It is not compulsory to study a language in post-16 education, and the numbers of students studying a European language at A level (Higher level in Scotland) have been falling across the United Kingdom in recent years. The latest figures show that, although French is still the most popular modern foreign language choice, only 3.6 percent of students in England chose to study it in 2014. Comparable data for other countries shows that 4.1 percent of Welsh A level students studied French, 6.5 percent in Scotland and 4.2 percent in Northern Ireland. On the other hand the number of final year pupils taking Spanish in the United Kingdom has been increasing in all countries except Wales.
However, the number of Modern Foreign Language students does not paint the full picture of the UK’s linguistic education. Regional languages also play an important role, including Welsh, Gaelic, Irish and British Sign Language, among others. Welsh is protected under the 2011 Welsh Language (Wales) Measure, and as such is the only language to enjoy de jure official status in any part of the United Kingdom. In the academic year 2013/2014, just under a quarter of Welsh primary school pupils were taught in Welsh, compared with 1.9 percent in Irish in Northern Ireland, and 0.6 percent in Gaelic in Scotland.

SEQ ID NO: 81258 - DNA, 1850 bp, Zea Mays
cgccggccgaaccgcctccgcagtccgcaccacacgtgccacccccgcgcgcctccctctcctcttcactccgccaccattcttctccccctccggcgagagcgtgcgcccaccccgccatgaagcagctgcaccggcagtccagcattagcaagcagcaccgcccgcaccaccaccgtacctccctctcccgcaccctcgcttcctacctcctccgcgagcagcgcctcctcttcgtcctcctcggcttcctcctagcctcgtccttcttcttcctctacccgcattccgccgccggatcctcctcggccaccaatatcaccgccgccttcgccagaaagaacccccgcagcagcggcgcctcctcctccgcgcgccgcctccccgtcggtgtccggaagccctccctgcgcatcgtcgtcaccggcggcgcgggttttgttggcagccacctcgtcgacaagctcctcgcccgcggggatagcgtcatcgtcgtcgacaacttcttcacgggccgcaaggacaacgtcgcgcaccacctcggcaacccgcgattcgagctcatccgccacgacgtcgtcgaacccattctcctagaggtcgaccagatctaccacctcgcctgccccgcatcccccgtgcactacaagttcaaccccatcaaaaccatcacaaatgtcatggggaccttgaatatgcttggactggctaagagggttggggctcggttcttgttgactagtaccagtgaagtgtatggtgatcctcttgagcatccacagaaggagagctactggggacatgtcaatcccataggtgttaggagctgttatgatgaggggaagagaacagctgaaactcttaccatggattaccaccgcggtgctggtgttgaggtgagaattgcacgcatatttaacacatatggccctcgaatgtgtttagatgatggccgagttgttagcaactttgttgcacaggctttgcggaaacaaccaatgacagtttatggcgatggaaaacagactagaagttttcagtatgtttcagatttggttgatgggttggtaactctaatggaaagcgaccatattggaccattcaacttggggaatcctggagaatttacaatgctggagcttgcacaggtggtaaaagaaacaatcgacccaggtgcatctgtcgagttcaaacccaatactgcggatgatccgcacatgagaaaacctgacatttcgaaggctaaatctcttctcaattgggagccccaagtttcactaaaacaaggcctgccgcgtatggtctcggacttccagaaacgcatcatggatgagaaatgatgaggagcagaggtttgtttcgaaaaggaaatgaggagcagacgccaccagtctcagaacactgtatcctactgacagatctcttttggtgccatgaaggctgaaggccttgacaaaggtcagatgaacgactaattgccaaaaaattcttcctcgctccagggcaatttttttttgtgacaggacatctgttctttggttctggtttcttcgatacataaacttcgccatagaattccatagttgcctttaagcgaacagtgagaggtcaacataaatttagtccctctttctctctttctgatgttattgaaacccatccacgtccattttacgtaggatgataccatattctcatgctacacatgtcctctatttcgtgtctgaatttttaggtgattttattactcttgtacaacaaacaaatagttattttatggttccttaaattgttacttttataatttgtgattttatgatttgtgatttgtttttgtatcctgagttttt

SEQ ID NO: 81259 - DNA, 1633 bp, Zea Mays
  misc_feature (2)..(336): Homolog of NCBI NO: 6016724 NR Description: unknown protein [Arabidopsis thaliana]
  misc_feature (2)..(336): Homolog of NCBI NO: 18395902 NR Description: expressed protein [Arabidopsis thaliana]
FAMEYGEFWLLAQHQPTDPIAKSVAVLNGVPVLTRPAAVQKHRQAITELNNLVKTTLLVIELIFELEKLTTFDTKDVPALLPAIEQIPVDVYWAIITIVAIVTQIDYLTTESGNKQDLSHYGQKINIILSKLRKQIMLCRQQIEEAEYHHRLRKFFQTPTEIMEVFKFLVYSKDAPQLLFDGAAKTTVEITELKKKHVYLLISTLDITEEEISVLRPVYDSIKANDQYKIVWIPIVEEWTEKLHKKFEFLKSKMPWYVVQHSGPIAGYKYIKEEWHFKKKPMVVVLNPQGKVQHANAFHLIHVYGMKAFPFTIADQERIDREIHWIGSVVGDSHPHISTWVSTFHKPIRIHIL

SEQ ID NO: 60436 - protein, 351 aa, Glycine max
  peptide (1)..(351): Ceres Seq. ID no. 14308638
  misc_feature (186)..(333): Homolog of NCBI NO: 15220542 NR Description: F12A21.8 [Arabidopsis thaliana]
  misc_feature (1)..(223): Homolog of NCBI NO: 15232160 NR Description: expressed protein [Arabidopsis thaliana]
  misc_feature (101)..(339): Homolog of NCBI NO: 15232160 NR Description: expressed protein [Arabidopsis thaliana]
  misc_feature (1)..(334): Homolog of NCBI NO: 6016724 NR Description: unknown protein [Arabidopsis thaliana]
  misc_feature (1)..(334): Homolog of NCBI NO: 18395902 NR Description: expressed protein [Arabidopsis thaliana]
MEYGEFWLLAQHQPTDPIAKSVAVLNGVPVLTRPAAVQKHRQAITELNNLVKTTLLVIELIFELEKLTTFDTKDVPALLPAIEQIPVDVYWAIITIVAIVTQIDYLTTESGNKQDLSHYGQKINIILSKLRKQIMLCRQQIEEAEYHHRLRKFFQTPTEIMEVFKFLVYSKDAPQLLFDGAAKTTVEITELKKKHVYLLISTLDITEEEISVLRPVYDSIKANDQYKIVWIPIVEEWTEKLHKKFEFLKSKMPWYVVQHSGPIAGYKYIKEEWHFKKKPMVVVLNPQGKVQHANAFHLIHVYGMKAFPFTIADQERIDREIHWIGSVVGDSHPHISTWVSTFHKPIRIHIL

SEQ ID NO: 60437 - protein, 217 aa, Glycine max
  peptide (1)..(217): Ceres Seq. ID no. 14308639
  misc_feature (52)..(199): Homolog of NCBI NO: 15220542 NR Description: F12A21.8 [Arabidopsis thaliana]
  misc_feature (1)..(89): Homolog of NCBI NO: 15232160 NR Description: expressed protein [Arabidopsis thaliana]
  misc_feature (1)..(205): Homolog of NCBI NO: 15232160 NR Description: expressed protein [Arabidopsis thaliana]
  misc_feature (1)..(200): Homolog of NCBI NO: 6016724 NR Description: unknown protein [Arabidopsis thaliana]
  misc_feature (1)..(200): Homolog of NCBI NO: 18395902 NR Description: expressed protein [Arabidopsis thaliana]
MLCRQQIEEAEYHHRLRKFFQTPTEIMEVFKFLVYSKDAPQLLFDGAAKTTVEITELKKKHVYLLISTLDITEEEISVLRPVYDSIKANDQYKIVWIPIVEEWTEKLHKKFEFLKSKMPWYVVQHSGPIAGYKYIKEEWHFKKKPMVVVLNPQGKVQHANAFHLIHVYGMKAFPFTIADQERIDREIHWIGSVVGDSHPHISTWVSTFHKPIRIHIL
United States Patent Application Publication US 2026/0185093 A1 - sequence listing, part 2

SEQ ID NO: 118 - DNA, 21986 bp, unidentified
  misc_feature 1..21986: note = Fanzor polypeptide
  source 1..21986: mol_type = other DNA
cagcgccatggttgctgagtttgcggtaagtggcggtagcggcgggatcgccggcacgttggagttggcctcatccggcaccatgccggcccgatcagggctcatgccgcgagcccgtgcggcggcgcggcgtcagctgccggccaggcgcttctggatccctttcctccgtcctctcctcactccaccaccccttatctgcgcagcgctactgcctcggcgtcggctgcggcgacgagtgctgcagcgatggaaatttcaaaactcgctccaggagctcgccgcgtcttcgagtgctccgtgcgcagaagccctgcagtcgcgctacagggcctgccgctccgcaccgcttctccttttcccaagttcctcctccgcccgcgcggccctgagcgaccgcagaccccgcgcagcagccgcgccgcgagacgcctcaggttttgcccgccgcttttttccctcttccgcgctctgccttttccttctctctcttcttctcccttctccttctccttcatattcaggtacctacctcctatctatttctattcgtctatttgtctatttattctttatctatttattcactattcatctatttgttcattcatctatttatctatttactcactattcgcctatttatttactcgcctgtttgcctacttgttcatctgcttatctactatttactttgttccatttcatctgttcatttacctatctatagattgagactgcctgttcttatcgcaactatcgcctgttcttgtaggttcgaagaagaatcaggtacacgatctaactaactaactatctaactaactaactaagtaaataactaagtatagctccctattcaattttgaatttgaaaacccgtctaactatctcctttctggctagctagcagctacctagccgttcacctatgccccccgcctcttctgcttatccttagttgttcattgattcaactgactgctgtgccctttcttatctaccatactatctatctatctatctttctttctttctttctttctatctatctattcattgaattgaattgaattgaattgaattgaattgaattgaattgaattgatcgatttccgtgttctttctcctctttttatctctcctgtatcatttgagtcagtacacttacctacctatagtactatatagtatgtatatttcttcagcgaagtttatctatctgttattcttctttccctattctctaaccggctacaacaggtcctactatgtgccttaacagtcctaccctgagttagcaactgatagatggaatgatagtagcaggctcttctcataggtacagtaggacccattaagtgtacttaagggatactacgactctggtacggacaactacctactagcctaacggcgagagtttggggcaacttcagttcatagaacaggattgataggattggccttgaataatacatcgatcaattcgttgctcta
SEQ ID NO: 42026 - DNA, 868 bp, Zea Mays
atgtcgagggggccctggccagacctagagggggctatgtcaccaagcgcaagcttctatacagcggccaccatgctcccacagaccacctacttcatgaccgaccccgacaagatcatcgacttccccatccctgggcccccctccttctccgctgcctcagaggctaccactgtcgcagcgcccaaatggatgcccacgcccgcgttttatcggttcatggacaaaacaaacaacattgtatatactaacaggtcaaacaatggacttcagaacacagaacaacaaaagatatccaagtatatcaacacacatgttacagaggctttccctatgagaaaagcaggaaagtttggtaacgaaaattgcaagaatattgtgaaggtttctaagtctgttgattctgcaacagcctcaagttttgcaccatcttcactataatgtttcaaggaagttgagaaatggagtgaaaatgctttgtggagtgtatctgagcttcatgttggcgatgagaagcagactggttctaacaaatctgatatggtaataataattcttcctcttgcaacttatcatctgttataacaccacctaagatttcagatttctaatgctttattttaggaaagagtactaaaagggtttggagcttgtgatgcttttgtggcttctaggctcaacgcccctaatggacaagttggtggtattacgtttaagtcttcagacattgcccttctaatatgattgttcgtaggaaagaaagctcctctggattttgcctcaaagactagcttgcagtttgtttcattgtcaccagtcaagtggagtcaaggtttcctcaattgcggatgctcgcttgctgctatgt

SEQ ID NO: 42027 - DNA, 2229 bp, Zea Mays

Furthermore, the numbers of pupils from non-English language backgrounds, that is to say children who have been exposed to other languages in the home during their childhood, have increased dramatically in recent years. In England, this figure has more than doubled from 7.8 percent in 1997 to 18.7 percent in 2014, while reaching 55.8 percent of primary school children in Inner London.